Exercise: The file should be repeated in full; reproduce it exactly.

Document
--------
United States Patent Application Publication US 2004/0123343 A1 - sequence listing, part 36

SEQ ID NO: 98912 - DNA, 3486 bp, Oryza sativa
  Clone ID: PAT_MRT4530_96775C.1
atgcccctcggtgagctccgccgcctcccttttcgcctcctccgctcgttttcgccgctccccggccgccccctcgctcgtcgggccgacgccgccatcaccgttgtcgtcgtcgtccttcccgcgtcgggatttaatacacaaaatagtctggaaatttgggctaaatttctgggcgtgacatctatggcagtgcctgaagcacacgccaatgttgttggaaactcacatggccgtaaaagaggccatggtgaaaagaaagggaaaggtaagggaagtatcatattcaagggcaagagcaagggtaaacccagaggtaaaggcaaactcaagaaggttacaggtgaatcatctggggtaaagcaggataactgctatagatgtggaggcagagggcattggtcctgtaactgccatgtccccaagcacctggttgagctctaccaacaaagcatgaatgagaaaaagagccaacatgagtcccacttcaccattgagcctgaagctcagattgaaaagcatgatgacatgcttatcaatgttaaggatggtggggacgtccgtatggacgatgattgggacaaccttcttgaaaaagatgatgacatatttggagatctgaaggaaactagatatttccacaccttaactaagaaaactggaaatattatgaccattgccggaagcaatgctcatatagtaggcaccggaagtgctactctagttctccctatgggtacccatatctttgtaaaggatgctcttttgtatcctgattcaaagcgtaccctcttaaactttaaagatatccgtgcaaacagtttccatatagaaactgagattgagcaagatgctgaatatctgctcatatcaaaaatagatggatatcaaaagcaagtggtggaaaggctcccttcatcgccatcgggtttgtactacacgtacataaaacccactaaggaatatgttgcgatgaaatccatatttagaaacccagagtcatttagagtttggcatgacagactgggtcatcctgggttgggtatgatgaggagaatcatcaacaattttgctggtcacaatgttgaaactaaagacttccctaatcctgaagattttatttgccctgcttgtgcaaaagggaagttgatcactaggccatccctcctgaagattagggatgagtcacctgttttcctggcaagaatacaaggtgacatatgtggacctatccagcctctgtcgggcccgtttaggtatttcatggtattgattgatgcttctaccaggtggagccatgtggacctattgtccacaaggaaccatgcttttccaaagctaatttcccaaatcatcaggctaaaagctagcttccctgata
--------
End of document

United States Patent Application Publication US 2004/0123343 A1 - sequence listing, part 36

SEQ ID NO: 98912 - DNA, 3486 bp, Oryza sativa
  Clone ID: PAT_MRT4530_96775C.1
atgcccctcggtgagctccgccgcctcccttttcgcctcctccgctcgttttcgccgctccccggccgccccctcgctcgtcgggccgacgccgccatcaccgttgtcgtcgtcgtccttcccgcgtcgggatttaatacacaaaatagtctggaaatttgggctaaatttctgggcgtgacatctatggcagtgcctgaagcacacgccaatgttgttggaaactcacatggccgtaaaagaggccatggtgaaaagaaagggaaaggtaagggaagtatcatattcaagggcaagagcaagggtaaacccagaggtaaaggcaaactcaagaaggttacaggtgaatcatctggggtaaagcaggataactgctatagatgtggaggcagagggcattggtcctgtaactgccatgtccccaagcacctggttgagctctaccaacaaagcatgaatgagaaaaagagccaacatgagtcccacttcaccattgagcctgaagctcagattgaaaagcatgatgacatgcttatcaatgttaaggatggtggggacgtccgtatggacgatgattgggacaaccttcttgaaaaagatgatgacatatttggagatctgaaggaaactagatatttccacaccttaactaagaaaactggaaatattatgaccattgccggaagcaatgctcatatagtaggcaccggaagtgctactctagttctccctatgggtacccatatctttgtaaaggatgctcttttgtatcctgattcaaagcgtaccctcttaaactttaaagatatccgtgcaaacagtttccatatagaaactgagattgagcaagatgctgaatatctgctcatatcaaaaatagatggatatcaaaagcaagtggtggaaaggctcccttcatcgccatcgggtttgtactacacgtacataaaacccactaaggaatatgttgcgatgaaatccatatttagaaacccagagtcatttagagtttggcatgacagactgggtcatcctgggttgggtatgatgaggagaatcatcaacaattttgctggtcacaatgttgaaactaaagacttccctaatcctgaagattttatttgccctgcttgtgcaaaagggaagttgatcactaggccatccctcctgaagattagggatgagtcacctgttttcctggcaagaatacaaggtgacatatgtggacctatccagcctctgtcgggcccgtttaggtatttcatggtattgattgatgcttctaccaggtggagccatgtggacctattgtccacaaggaaccatgcttttccaaagctaatttcccaaatcatcaggctaaaagctagcttccctgata